Bad Day in China

This is from John Robbins’ blog at Wintellect, about one day in China when he just wanted to get to his hotel. Make sure you read the middle part where he gets into the taxi with the passenger…

I’ve been to China and traveled enough that I’ve had bad days as well but I agree with what one of the posters put, just pay the 80 bucks and count it as a lesson in avoiding strange cabs. Arrange drivers before your trip for future travel.

He was mad at the first guy for what amounted to a $2.50 tip, $5 if he would have given him the whole 40 RMB. Give me a break dude, it’s all expensed to someone besides you anyway.

He’s lucky for a lot of things in that trip, but saving himself $80 isn’t one of them. The fact he made it to his hotel alive, that he should be thankful for.

I had a fun travel day when I was waiting for my flight to leave Kathmandu back to the US. We were sitting in the plane on the tarmac and a little Nepalese man in a suit flanked by two guys in military uniforms with FN-FAL assault rifles (I know the make because I looked them up later) boarded the plane. The little guy starts walking down the row looking at people and checking a piece of paper he was holding. The two guards are obviously there to escort someone out by force if necessary. So the guy in the suit comes down the rows and stops at ours. As all six of us in the row start sweating. Then turns toward our side. He looks at me and says “Mr. (mylastname)? Please come with us.”

Yeah, imagine that feeling and hold it for a moment. OH. SHIT. What the fuck is this?

The guy starts walking with me as the guards are in back of us and asks me for my passport. Then he asks me how I got through customs without getting my passport stamped. I told him I didn’t, it was stamped by the gate agent. He and the guards lead me back to a series of counters I haven’t seen yet (different than th gate agent) and stamp my passport. Turns out that when I got to the airport I went into a cafe and then exited through a door leading to the terminal. If you do that you bypass customs. Nice security there Nepal. I just assumed the gate agent was acting as a customs agent because she asked me for my passport, asked some questions, and applied a sticker to my passport.

I was escorted back to the plane and everything was fine but my palms were a little sweaty there for a while.

You were THIS close from a “Life imitating art” article where YOU would be the protagonist of your own little Midnight Express re-enactment.

That sounds similar to some of my experiences with cabs in LA.

When I went to China, there was a big kerfuffle over my passport. I’d gone with my aunt, uncle and cousin as part of a tour package. Switching planes at Tokyo, we met a couple who were also on the same tour.

At customs and immigration at Beijing airport, everybody else from our little group sails through without a problem. However, I get stopped and the agent indicates something is wrong with my passport. He speaks no English, and I speak no Mandarin (but I am Chinese). A lot pointing and waving on his part doesn’t get the message across and another guy is called in. “Where is stamp?” he tells me repeatedly. It took me a bit to realize that he is looking for an exit stamp from Canada. I try to explain that Canadian citizens are allowed to leave country without being tracked by our government. But it doesn’t seem to do any good. Finally, the couple we met is allowed to come over, and the husband is fluent in Mandarin. He explains to the satisfaction of the two agents that no exit stamps are needed and as proof shows that all of our Canadian passports lack them.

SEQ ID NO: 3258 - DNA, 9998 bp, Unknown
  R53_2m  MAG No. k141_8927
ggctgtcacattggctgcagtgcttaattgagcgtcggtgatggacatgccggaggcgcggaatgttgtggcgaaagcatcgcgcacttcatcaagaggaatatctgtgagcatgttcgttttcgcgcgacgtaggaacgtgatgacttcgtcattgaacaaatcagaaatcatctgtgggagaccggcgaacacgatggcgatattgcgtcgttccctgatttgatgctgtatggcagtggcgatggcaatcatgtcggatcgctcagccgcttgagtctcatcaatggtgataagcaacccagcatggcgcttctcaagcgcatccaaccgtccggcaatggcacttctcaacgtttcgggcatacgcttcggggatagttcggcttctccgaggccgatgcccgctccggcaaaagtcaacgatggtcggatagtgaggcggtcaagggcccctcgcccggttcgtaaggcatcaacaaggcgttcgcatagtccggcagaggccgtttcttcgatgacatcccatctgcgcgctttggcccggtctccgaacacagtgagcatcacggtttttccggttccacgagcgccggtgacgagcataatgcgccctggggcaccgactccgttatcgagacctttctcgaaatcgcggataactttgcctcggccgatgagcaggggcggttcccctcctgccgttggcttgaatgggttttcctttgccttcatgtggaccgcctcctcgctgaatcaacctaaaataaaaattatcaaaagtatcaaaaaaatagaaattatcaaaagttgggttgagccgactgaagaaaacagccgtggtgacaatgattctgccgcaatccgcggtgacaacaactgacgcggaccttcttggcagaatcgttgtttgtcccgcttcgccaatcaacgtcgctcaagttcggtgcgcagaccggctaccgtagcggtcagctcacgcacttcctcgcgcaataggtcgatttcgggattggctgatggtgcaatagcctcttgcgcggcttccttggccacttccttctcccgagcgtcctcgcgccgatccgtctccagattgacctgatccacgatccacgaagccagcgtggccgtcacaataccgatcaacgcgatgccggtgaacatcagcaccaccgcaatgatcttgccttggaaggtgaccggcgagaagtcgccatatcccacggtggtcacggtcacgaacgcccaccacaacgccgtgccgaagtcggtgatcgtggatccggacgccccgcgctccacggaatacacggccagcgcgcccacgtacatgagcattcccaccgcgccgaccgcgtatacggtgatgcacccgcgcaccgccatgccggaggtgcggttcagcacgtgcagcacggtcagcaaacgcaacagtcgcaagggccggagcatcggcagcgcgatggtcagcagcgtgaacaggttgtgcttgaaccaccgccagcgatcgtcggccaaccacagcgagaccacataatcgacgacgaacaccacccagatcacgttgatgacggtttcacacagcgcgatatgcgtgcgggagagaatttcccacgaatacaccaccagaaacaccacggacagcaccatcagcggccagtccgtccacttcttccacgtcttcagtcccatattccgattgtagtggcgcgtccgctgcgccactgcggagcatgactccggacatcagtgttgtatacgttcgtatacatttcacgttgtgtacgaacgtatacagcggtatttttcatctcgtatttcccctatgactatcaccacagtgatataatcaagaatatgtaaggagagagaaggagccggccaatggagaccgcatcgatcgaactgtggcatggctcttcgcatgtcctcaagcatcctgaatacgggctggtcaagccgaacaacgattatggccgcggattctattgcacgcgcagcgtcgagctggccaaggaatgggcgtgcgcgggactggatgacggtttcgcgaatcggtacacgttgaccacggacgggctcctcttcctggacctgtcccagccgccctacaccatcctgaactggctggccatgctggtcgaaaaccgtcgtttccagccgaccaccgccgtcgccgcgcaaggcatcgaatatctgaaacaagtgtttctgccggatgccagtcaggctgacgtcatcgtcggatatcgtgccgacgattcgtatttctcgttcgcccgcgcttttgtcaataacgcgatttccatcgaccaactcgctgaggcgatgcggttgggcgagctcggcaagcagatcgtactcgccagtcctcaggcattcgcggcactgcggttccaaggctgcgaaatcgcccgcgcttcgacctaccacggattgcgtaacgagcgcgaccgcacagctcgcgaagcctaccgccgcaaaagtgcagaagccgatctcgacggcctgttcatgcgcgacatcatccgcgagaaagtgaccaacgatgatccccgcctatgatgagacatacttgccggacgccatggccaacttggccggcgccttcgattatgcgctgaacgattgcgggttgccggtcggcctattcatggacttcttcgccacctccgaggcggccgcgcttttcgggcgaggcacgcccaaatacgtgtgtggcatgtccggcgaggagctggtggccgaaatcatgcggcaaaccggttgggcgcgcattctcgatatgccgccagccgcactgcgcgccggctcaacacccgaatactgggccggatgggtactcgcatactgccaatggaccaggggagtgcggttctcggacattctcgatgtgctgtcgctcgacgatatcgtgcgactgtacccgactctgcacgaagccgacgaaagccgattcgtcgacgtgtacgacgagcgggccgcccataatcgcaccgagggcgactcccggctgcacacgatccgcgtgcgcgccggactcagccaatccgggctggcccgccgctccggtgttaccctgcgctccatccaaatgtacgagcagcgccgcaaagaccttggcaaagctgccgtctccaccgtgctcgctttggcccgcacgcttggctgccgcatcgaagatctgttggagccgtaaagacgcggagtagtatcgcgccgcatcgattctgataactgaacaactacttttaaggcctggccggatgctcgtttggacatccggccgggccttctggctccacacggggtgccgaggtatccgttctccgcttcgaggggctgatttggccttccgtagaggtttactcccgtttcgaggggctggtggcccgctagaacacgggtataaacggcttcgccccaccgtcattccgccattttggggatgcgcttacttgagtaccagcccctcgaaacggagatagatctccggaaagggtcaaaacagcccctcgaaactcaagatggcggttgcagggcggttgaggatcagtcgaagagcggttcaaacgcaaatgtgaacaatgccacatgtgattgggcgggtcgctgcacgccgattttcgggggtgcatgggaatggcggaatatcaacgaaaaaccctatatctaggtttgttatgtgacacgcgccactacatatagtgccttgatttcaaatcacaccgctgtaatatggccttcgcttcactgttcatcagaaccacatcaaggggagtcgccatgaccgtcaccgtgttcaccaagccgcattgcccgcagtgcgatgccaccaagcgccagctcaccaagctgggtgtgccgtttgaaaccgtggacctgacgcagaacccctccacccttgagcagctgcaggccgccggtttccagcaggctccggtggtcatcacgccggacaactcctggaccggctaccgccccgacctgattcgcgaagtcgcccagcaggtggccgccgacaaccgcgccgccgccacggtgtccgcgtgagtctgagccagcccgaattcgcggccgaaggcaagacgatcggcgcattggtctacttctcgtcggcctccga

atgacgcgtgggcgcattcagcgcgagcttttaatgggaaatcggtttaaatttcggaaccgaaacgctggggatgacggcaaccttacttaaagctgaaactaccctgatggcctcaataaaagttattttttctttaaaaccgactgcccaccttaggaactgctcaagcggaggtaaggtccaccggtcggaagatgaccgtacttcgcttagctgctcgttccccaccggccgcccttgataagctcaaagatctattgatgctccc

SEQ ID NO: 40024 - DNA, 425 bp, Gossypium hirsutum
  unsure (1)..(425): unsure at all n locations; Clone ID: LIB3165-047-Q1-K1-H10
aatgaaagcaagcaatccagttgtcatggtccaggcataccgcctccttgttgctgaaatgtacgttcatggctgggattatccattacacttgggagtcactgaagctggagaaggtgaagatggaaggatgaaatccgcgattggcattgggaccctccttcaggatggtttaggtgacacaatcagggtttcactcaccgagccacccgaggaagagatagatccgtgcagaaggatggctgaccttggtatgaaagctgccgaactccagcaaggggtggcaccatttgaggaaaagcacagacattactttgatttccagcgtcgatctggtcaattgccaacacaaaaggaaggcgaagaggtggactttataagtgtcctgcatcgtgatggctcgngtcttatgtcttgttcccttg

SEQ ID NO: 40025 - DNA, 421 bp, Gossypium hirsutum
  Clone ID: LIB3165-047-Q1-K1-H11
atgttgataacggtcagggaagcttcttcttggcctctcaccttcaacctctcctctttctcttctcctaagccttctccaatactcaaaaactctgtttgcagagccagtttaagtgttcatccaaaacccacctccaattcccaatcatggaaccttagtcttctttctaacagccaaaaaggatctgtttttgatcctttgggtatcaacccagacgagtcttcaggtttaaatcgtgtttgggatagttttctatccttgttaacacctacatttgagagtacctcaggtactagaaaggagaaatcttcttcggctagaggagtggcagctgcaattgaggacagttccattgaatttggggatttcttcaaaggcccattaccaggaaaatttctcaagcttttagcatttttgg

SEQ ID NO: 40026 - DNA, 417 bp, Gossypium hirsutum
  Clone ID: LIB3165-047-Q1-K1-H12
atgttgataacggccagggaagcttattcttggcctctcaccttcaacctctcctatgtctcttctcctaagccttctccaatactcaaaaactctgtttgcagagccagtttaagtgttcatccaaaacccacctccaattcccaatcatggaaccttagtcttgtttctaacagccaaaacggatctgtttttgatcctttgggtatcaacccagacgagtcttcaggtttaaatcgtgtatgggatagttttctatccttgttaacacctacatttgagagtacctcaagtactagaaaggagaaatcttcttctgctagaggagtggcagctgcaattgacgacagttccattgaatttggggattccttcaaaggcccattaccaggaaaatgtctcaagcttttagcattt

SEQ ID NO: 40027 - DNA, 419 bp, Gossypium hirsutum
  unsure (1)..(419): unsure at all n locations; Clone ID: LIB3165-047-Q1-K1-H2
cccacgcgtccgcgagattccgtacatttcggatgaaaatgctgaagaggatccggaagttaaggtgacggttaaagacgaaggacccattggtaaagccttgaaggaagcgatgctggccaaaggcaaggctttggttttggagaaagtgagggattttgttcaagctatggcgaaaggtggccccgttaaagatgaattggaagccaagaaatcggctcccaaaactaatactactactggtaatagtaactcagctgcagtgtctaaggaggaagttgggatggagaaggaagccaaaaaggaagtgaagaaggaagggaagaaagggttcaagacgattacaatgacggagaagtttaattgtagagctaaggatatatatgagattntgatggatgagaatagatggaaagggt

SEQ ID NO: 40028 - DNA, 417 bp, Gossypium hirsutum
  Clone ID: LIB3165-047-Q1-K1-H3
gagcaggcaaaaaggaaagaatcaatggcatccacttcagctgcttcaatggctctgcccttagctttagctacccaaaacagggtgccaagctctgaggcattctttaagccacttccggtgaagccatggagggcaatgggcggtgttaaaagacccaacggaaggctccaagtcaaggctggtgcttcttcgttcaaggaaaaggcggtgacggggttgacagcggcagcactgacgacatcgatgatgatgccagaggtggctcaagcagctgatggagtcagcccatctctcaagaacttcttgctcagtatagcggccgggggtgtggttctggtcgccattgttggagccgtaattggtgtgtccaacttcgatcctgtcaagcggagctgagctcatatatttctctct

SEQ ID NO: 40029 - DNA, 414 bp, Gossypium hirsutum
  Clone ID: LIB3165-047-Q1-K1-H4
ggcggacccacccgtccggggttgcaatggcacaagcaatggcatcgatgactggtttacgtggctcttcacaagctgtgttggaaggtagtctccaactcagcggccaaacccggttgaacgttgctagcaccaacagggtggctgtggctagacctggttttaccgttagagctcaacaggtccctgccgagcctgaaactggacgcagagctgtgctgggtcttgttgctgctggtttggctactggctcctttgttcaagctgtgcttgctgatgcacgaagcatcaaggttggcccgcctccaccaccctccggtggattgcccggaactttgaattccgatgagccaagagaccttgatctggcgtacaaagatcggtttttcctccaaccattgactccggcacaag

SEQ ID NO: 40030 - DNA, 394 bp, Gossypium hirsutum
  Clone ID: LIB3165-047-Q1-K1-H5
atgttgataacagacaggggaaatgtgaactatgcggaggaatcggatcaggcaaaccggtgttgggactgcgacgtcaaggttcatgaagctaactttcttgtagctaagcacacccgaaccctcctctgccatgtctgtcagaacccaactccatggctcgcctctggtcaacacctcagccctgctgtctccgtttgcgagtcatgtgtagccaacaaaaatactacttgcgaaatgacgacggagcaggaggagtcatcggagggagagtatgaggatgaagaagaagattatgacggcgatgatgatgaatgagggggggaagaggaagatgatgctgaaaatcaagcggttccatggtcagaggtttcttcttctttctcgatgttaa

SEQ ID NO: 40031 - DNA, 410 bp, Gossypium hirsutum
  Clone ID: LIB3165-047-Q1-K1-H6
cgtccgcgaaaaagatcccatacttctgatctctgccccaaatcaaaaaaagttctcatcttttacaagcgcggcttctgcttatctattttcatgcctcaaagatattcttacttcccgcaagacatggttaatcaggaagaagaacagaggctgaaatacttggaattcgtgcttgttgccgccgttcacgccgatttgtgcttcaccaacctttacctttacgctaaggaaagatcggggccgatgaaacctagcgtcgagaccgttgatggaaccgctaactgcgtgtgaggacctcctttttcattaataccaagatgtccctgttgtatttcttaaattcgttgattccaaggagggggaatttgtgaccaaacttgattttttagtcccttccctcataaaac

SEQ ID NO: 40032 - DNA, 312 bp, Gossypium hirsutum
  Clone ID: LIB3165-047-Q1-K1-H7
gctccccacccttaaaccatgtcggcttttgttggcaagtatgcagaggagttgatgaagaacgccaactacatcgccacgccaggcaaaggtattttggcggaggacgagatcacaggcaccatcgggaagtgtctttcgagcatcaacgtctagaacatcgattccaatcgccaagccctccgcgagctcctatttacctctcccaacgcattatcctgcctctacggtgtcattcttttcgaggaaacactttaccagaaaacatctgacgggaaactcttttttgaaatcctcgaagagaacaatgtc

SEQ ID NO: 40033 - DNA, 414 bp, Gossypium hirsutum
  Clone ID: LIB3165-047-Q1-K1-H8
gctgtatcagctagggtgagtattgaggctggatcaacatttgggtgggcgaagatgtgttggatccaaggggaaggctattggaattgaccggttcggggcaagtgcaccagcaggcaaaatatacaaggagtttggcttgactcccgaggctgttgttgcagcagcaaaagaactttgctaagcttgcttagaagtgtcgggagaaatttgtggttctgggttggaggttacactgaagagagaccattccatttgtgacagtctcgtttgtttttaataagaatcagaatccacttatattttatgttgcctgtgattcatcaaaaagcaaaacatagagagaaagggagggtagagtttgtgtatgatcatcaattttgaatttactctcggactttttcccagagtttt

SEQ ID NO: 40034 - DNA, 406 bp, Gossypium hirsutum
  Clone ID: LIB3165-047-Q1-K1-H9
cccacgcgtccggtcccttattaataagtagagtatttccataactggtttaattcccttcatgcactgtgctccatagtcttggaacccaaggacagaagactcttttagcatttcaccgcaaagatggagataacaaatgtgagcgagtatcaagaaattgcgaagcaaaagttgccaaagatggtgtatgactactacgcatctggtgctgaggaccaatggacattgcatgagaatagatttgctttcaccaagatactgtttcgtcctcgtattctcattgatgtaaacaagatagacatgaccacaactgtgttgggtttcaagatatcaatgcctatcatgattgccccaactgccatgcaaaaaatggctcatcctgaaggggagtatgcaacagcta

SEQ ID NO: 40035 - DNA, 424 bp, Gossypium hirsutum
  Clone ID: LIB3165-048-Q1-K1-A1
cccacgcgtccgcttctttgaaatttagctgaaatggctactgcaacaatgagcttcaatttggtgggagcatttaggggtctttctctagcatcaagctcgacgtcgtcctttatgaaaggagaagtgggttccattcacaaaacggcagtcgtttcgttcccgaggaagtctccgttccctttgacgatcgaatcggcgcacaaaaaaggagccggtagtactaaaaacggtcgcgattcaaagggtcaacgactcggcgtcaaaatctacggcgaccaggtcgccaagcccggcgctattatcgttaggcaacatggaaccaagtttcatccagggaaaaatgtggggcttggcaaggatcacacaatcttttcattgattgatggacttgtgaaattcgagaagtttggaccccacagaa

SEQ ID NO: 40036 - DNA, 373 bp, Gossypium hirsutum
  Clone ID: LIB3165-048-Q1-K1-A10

As for Chinese cabs, we never got ripped off or felt in danger (aside from the insane driving which didn’t really feel all that different from some of the cab rides I’ve had in Toronto). In fact, in Nanjing, one ride we took worked out to some odd amount and my cousin and I didn’t really need to carry coins in our pocket so we refused the change. It actually took a bit of convincing on our part to get the guy to accept the extra money.

If this story was even true, John Robbins should be stood up against a wall and executed by the state for this stunt. Then his family billed for the bullet, Mao style (plus tip, of course). The entire event should be recorded in 1080P and 7.1 sound and shown at the start of the Beijing Olympics, hopefully to the tune of “I’m a Yankee Doodle Dandy.”

I think the guy’s a bit foolish, in truth, and maybe even overreacted.

He says he’s an experienced traveller, but he got into a taxi which already had a passenger. This is absolutely number one rule not to break: You don’t get in a taxi which already has a passenger, and if the driver tries to pick one up you get out straight away.

I’ve taken taxis in dodgier places than Beijing, which has a relatively low crime rate compered to even Europe, and taxi drivers always take weird short cuts. Unless he was a native, I don’t believe he could be confident it was really a set-up.

It’s very easy to get in a panic when you’ve had a long stressful day of travelling, even when you know somewhere really well. I had a taxi driver one night take me into the countryside on the outskirts of Ljubljana, an incredible safe city that I’ve visited many times, and I panicked for several minutes before he returned to an area I recognised.

(This is coming from someone who’s taken a taxi in the West Bank, and up the side of an Javan volcano at midnight in the middle of fucking nowhere by a grinning psychopath who’s only English seemed to be “do you like men?”)

Still, if your blood is up, and you start to panic, I can understand him wanting to get his green beret pen out and start screaming.